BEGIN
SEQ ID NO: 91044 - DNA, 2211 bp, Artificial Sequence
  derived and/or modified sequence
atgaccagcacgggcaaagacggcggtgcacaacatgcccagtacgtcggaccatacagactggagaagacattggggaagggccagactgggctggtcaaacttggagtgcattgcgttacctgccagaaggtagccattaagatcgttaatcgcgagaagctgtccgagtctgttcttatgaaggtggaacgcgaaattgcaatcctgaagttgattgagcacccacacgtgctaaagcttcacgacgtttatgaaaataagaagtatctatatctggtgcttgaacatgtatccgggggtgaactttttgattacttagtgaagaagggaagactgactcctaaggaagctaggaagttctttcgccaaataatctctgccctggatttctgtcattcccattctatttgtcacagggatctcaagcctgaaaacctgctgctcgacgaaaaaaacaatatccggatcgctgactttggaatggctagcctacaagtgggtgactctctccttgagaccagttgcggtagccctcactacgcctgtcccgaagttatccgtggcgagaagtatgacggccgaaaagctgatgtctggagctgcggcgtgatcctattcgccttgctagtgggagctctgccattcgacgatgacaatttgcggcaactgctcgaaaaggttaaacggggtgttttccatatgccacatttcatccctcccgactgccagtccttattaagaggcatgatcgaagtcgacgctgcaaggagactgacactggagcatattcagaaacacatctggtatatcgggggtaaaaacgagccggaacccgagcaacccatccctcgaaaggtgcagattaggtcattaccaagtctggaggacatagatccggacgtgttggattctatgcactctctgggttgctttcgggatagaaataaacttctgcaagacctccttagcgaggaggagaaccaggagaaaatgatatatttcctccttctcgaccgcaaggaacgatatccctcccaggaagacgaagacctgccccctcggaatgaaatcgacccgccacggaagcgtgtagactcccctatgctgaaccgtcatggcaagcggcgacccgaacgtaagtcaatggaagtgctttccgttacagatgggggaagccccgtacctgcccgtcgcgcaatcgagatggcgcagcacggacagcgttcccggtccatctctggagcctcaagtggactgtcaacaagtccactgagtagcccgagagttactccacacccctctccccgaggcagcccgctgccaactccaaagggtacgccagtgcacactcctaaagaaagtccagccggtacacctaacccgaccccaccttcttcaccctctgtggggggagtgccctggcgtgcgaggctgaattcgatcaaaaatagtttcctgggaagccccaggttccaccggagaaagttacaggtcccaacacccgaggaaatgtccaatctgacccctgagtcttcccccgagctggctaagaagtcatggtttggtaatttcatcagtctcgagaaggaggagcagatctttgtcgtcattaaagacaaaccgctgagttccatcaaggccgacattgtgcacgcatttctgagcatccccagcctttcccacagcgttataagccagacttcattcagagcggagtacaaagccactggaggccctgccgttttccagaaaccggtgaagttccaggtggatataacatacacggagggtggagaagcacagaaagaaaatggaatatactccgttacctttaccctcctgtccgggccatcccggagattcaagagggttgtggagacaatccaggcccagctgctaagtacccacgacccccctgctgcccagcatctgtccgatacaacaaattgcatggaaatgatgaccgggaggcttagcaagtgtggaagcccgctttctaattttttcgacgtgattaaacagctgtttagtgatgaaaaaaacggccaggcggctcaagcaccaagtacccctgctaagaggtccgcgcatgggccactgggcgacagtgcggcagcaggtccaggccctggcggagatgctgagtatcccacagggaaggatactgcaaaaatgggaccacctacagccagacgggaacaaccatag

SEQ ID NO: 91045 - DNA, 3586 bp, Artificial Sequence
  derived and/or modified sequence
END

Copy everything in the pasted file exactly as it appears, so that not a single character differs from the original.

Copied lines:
SEQ ID NO: 91044 - DNA, 2211 bp, Artificial Sequence
  derived and/or modified sequence
atgaccagcacgggcaaagacggcggtgcacaacatgcccagtacgtcggaccatacagactggagaagacattggggaagggccagactgggctggtcaaacttggagtgcattgcgttacctgccagaaggtagccattaagatcgttaatcgcgagaagctgtccgagtctgttcttatgaaggtggaacgcgaaattgcaatcctgaagttgattgagcacccacacgtgctaaagcttcacgacgtttatgaaaataagaagtatctatatctggtgcttgaacatgtatccgggggtgaactttttgattacttagtgaagaagggaagactgactcctaaggaagctaggaagttctttcgccaaataatctctgccctggatttctgtcattcccattctatttgtcacagggatctcaagcctgaaaacctgctgctcgacgaaaaaaacaatatccggatcgctgactttggaatggctagcctacaagtgggtgactctctccttgagaccagttgcggtagccctcactacgcctgtcccgaagttatccgtggcgagaagtatgacggccgaaaagctgatgtctggagctgcggcgtgatcctattcgccttgctagtgggagctctgccattcgacgatgacaatttgcggcaactgctcgaaaaggttaaacggggtgttttccatatgccacatttcatccctcccgactgccagtccttattaagaggcatgatcgaagtcgacgctgcaaggagactgacactggagcatattcagaaacacatctggtatatcgggggtaaaaacgagccggaacccgagcaacccatccctcgaaaggtgcagattaggtcattaccaagtctggaggacatagatccggacgtgttggattctatgcactctctgggttgctttcgggatagaaataaacttctgcaagacctccttagcgaggaggagaaccaggagaaaatgatatatttcctccttctcgaccgcaaggaacgatatccctcccaggaagacgaagacctgccccctcggaatgaaatcgacccgccacggaagcgtgtagactcccctatgctgaaccgtcatggcaagcggcgacccgaacgtaagtcaatggaagtgctttccgttacagatgggggaagccccgtacctgcccgtcgcgcaatcgagatggcgcagcacggacagcgttcccggtccatctctggagcctcaagtggactgtcaacaagtccactgagtagcccgagagttactccacacccctctccccgaggcagcccgctgccaactccaaagggtacgccagtgcacactcctaaagaaagtccagccggtacacctaacccgaccccaccttcttcaccctctgtggggggagtgccctggcgtgcgaggctgaattcgatcaaaaatagtttcctgggaagccccaggttccaccggagaaagttacaggtcccaacacccgaggaaatgtccaatctgacccctgagtcttcccccgagctggctaagaagtcatggtttggtaatttcatcagtctcgagaaggaggagcagatctttgtcgtcattaaagacaaaccgctgagttccatcaaggccgacattgtgcacgcatttctgagcatccccagcctttcccacagcgttataagccagacttcattcagagcggagtacaaagccactggaggccctgccgttttccagaaaccggtgaagttccaggtggatataacatacacggagggtggagaagcacagaaagaaaatggaatatactccgttacctttaccctcctgtccgggccatcccggagattcaagagggttgtggagacaatccaggcccagctgctaagtacccacgacccccctgctgcccagcatctgtccgatacaacaaattgcatggaaatgatgaccgggaggcttagcaagtgtggaagcccgctttctaattttttcgacgtgattaaacagctgtttagtgatgaaaaaaacggccaggcggctcaagcaccaagtacccctgctaagaggtccgcgcatgggccactgggcgacagtgcggcagcaggtccaggccctggcggagatgctgagtatcccacagggaaggatactgcaaaaatgggaccacctacagccagacgggaacaaccatag

SEQ ID NO: 91045 - DNA, 3586 bp, Artificial Sequence
  derived and/or modified sequence